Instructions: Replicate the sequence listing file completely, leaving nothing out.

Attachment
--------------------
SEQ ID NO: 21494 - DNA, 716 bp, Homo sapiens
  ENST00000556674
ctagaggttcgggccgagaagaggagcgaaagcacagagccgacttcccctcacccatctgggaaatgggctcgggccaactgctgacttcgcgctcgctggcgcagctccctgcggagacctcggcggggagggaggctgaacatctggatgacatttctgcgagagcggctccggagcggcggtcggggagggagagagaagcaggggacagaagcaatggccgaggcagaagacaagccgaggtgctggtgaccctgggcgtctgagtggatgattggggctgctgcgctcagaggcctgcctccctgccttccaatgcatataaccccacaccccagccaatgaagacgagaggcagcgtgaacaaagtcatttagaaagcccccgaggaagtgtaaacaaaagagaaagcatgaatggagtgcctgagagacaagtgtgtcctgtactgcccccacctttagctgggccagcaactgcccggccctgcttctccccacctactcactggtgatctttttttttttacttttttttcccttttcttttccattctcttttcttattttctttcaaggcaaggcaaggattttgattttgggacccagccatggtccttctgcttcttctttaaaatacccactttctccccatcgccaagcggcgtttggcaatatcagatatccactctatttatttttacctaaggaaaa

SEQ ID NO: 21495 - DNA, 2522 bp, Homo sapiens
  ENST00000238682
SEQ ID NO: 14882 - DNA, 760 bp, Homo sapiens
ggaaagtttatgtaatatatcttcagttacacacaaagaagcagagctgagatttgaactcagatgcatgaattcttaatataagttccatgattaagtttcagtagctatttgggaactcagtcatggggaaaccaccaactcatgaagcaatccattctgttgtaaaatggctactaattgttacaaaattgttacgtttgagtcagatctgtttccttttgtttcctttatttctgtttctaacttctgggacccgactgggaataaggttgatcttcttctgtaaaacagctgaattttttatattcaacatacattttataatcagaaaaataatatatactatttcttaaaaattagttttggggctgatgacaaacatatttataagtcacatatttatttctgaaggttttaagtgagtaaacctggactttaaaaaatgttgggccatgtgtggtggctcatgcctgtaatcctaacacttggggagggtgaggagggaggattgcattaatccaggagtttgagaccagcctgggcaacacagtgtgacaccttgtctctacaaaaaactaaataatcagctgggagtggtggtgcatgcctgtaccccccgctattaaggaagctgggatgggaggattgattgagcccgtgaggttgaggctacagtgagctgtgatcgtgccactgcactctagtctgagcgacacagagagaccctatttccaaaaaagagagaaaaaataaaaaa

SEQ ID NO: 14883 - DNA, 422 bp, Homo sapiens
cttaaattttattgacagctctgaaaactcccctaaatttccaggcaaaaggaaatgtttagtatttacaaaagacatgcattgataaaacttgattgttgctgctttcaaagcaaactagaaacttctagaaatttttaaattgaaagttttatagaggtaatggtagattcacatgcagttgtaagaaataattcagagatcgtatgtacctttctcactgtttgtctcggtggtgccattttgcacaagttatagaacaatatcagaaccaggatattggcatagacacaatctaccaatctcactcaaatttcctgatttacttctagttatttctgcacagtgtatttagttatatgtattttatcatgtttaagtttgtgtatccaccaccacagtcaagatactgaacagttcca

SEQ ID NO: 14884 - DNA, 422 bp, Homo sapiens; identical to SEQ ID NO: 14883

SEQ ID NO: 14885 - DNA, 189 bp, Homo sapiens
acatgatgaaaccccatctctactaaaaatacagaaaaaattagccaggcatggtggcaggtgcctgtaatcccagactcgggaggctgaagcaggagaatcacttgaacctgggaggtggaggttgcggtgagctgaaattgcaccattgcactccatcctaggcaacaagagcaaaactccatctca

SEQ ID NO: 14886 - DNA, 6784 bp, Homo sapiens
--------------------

SEQ ID NO: 21494 - DNA, 716 bp, Homo sapiens
  ENST00000556674
ctagaggttcgggccgagaagaggagcgaaagcacagagccgacttcccctcacccatctgggaaatgggctcgggccaactgctgacttcgcgctcgctggcgcagctccctgcggagacctcggcggggagggaggctgaacatctggatgacatttctgcgagagcggctccggagcggcggtcggggagggagagagaagcaggggacagaagcaatggccgaggcagaagacaagccgaggtgctggtgaccctgggcgtctgagtggatgattggggctgctgcgctcagaggcctgcctccctgccttccaatgcatataaccccacaccccagccaatgaagacgagaggcagcgtgaacaaagtcatttagaaagcccccgaggaagtgtaaacaaaagagaaagcatgaatggagtgcctgagagacaagtgtgtcctgtactgcccccacctttagctgggccagcaactgcccggccctgcttctccccacctactcactggtgatctttttttttttacttttttttcccttttcttttccattctcttttcttattttctttcaaggcaaggcaaggattttgattttgggacccagccatggtccttctgcttcttctttaaaatacccactttctccccatcgccaagcggcgtttggcaatatcagatatccactctatttatttttacctaaggaaaa

SEQ ID NO: 21495 - DNA, 2522 bp, Homo sapiens
  ENST00000238682
SEQ ID NO: 14882 - DNA, 760 bp, Homo sapiens
ggaaagtttatgtaatatatcttcagttacacacaaagaagcagagctgagatttgaactcagatgcatgaattcttaatataagttccatgattaagtttcagtagctatttgggaactcagtcatggggaaaccaccaactcatgaagcaatccattctgttgtaaaatggctactaattgttacaaaattgttacgtttgagtcagatctgtttccttttgtttcctttatttctgtttctaacttctgggacccgactgggaataaggttgatcttcttctgtaaaacagctgaattttttatattcaacatacattttataatcagaaaaataatatatactatttcttaaaaattagttttggggctgatgacaaacatatttataagtcacatatttatttctgaaggttttaagtgagtaaacctggactttaaaaaatgttgggccatgtgtggtggctcatgcctgtaatcctaacacttggggagggtgaggagggaggattgcattaatccaggagtttgagaccagcctgggcaacacagtgtgacaccttgtctctacaaaaaactaaataatcagctgggagtggtggtgcatgcctgtaccccccgctattaaggaagctgggatgggaggattgattgagcccgtgaggttgaggctacagtgagctgtgatcgtgccactgcactctagtctgagcgacacagagagaccctatttccaaaaaagagagaaaaaataaaaaa

SEQ ID NO: 14883 - DNA, 422 bp, Homo sapiens
cttaaattttattgacagctctgaaaactcccctaaatttccaggcaaaaggaaatgtttagtatttacaaaagacatgcattgataaaacttgattgttgctgctttcaaagcaaactagaaacttctagaaatttttaaattgaaagttttatagaggtaatggtagattcacatgcagttgtaagaaataattcagagatcgtatgtacctttctcactgtttgtctcggtggtgccattttgcacaagttatagaacaatatcagaaccaggatattggcatagacacaatctaccaatctcactcaaatttcctgatttacttctagttatttctgcacagtgtatttagttatatgtattttatcatgtttaagtttgtgtatccaccaccacagtcaagatactgaacagttcca

SEQ ID NO: 14884 - DNA, 422 bp, Homo sapiens; identical to SEQ ID NO: 14883

SEQ ID NO: 14885 - DNA, 189 bp, Homo sapiens
acatgatgaaaccccatctctactaaaaatacagaaaaaattagccaggcatggtggcaggtgcctgtaatcccagactcgggaggctgaagcaggagaatcacttgaacctgggaggtggaggttgcggtgagctgaaattgcaccattgcactccatcctaggcaacaagagcaaaactccatctca

SEQ ID NO: 14886 - DNA, 6784 bp, Homo sapiens